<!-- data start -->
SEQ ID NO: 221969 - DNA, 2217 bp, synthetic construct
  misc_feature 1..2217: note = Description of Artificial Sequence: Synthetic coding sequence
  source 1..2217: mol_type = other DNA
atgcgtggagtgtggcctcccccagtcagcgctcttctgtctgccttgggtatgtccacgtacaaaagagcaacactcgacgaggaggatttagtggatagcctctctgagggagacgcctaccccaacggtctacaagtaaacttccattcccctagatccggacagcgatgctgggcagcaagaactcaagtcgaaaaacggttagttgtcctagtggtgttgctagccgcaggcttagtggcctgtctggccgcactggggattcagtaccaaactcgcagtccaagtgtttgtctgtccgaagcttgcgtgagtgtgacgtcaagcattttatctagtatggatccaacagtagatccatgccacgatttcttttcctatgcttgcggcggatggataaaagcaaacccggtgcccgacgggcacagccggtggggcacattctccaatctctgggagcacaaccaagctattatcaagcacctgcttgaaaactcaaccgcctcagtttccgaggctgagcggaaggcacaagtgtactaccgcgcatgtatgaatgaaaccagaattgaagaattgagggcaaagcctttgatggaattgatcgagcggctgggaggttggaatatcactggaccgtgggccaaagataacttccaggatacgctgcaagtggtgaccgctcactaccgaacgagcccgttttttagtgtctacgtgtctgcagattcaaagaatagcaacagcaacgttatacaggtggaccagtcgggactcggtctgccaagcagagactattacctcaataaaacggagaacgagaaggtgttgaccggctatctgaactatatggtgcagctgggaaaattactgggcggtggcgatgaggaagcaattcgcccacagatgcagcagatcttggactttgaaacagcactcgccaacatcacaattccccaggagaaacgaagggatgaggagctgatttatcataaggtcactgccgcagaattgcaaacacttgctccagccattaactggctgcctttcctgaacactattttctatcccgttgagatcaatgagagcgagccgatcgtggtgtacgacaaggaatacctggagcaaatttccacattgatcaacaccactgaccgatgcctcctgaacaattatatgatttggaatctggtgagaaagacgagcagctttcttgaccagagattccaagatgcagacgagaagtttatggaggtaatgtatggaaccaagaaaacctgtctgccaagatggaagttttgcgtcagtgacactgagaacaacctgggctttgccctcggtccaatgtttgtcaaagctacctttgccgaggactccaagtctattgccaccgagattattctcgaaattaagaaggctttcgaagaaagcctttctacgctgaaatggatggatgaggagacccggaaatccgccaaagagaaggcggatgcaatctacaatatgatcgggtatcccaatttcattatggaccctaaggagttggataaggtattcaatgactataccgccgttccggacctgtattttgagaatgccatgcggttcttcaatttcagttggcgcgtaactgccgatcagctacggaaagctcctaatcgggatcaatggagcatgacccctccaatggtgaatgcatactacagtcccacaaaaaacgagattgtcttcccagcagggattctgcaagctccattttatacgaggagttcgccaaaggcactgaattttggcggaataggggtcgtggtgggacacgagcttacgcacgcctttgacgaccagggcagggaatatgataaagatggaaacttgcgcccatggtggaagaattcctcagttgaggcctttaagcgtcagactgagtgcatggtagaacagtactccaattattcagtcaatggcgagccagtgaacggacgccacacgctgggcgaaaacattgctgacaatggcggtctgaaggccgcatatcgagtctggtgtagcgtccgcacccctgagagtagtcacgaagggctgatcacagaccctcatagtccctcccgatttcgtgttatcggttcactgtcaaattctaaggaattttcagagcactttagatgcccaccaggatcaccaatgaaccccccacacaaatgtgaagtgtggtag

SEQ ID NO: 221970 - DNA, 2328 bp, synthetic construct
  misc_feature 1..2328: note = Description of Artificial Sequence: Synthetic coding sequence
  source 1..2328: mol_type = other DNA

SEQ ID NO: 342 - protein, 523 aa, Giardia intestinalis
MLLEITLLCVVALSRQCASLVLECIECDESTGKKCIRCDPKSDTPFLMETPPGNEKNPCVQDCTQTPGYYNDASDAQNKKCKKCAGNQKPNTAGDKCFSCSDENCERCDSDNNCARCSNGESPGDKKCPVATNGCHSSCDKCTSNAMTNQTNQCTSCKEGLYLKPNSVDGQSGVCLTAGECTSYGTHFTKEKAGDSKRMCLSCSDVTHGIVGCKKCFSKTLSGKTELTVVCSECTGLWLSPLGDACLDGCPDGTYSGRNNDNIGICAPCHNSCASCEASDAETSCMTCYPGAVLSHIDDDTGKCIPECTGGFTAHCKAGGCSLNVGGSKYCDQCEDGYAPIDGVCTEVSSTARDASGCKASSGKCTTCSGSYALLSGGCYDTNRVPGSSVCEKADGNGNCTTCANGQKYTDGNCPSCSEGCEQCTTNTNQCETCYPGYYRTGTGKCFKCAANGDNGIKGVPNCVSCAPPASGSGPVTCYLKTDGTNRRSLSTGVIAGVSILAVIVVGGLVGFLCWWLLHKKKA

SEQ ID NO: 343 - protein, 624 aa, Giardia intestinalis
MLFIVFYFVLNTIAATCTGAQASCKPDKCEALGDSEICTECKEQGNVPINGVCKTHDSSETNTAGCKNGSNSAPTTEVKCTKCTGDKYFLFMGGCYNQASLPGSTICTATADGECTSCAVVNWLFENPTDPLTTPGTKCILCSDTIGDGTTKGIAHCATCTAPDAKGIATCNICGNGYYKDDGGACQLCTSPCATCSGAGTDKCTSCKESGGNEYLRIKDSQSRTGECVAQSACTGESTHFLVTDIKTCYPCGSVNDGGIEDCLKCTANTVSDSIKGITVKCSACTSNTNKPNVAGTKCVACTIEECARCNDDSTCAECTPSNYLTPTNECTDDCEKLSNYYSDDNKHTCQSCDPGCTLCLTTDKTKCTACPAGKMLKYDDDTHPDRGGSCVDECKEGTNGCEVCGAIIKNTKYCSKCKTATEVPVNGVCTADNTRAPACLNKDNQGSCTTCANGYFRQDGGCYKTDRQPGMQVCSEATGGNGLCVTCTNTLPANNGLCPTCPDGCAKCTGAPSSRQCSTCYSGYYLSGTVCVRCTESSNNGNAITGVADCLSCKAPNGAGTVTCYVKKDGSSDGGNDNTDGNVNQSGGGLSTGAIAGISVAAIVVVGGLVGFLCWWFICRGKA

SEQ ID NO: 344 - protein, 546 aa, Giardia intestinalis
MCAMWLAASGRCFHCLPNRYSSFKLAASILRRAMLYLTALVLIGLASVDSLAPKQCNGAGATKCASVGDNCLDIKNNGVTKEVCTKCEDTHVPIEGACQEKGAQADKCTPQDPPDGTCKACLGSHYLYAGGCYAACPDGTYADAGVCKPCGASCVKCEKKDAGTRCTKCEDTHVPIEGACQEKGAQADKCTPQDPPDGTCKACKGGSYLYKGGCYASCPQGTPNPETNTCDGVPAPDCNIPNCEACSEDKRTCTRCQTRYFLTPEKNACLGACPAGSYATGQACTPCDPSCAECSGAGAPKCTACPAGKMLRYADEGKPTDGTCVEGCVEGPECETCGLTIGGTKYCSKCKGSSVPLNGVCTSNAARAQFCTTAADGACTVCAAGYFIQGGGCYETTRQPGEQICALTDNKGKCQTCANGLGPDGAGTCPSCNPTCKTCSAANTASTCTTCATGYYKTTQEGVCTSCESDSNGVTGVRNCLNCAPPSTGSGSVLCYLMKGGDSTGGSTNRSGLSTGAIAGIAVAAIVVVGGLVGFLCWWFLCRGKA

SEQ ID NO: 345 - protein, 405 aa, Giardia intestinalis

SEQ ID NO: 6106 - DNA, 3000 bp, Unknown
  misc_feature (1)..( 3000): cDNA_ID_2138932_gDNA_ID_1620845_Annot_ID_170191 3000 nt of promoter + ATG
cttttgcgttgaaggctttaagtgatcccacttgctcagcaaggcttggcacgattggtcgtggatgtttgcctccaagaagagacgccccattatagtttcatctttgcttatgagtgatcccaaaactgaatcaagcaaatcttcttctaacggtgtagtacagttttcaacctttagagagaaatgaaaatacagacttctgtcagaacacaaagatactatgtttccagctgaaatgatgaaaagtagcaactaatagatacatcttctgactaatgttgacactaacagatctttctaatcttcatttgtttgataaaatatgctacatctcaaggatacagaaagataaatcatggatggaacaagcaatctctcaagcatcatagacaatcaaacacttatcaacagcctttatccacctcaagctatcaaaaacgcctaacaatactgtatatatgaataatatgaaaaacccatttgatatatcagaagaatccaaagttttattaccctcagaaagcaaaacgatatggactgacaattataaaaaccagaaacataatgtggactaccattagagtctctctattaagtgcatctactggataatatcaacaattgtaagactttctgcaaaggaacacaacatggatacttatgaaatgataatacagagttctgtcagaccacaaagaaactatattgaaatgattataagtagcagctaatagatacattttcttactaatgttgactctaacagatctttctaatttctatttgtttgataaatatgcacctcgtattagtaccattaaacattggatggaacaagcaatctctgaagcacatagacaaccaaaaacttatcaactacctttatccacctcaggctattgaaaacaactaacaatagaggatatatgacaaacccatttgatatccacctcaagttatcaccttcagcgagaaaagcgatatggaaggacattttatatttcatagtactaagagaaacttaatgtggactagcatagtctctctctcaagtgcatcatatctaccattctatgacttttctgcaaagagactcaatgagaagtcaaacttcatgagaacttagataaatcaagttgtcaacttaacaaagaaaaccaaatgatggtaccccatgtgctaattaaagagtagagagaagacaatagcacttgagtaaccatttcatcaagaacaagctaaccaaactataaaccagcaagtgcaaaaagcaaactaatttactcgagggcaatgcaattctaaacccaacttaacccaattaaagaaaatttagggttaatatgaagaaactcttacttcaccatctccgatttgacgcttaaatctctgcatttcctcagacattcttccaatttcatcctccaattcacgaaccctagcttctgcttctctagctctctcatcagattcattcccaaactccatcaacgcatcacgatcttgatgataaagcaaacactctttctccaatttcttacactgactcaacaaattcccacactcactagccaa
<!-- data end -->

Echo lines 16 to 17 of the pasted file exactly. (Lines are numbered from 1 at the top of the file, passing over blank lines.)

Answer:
  misc_feature (1)..( 3000): cDNA_ID_2138932_gDNA_ID_1620845_Annot_ID_170191 3000 nt of promoter + ATG
cttttgcgttgaaggctttaagtgatcccacttgctcagcaaggcttggcacgattggtcgtggatgtttgcctccaagaagagacgccccattatagtttcatctttgcttatgagtgatcccaaaactgaatcaagcaaatcttcttctaacggtgtagtacagttttcaacctttagagagaaatgaaaatacagacttctgtcagaacacaaagatactatgtttccagctgaaatgatgaaaagtagcaactaatagatacatcttctgactaatgttgacactaacagatctttctaatcttcatttgtttgataaaatatgctacatctcaaggatacagaaagataaatcatggatggaacaagcaatctctcaagcatcatagacaatcaaacacttatcaacagcctttatccacctcaagctatcaaaaacgcctaacaatactgtatatatgaataatatgaaaaacccatttgatatatcagaagaatccaaagttttattaccctcagaaagcaaaacgatatggactgacaattataaaaaccagaaacataatgtggactaccattagagtctctctattaagtgcatctactggataatatcaacaattgtaagactttctgcaaaggaacacaacatggatacttatgaaatgataatacagagttctgtcagaccacaaagaaactatattgaaatgattataagtagcagctaatagatacattttcttactaatgttgactctaacagatctttctaatttctatttgtttgataaatatgcacctcgtattagtaccattaaacattggatggaacaagcaatctctgaagcacatagacaaccaaaaacttatcaactacctttatccacctcaggctattgaaaacaactaacaatagaggatatatgacaaacccatttgatatccacctcaagttatcaccttcagcgagaaaagcgatatggaaggacattttatatttcatagtactaagagaaacttaatgtggactagcatagtctctctctcaagtgcatcatatctaccattctatgacttttctgcaaagagactcaatgagaagtcaaacttcatgagaacttagataaatcaagttgtcaacttaacaaagaaaaccaaatgatggtaccccatgtgctaattaaagagtagagagaagacaatagcacttgagtaaccatttcatcaagaacaagctaaccaaactataaaccagcaagtgcaaaaagcaaactaatttactcgagggcaatgcaattctaaacccaacttaacccaattaaagaaaatttagggttaatatgaagaaactcttacttcaccatctccgatttgacgcttaaatctctgcatttcctcagacattcttccaatttcatcctccaattcacgaaccctagcttctgcttctctagctctctcatcagattcattcccaaactccatcaacgcatcacgatcttgatgataaagcaaacactctttctccaatttcttacactgactcaacaaattcccacactcactagccaa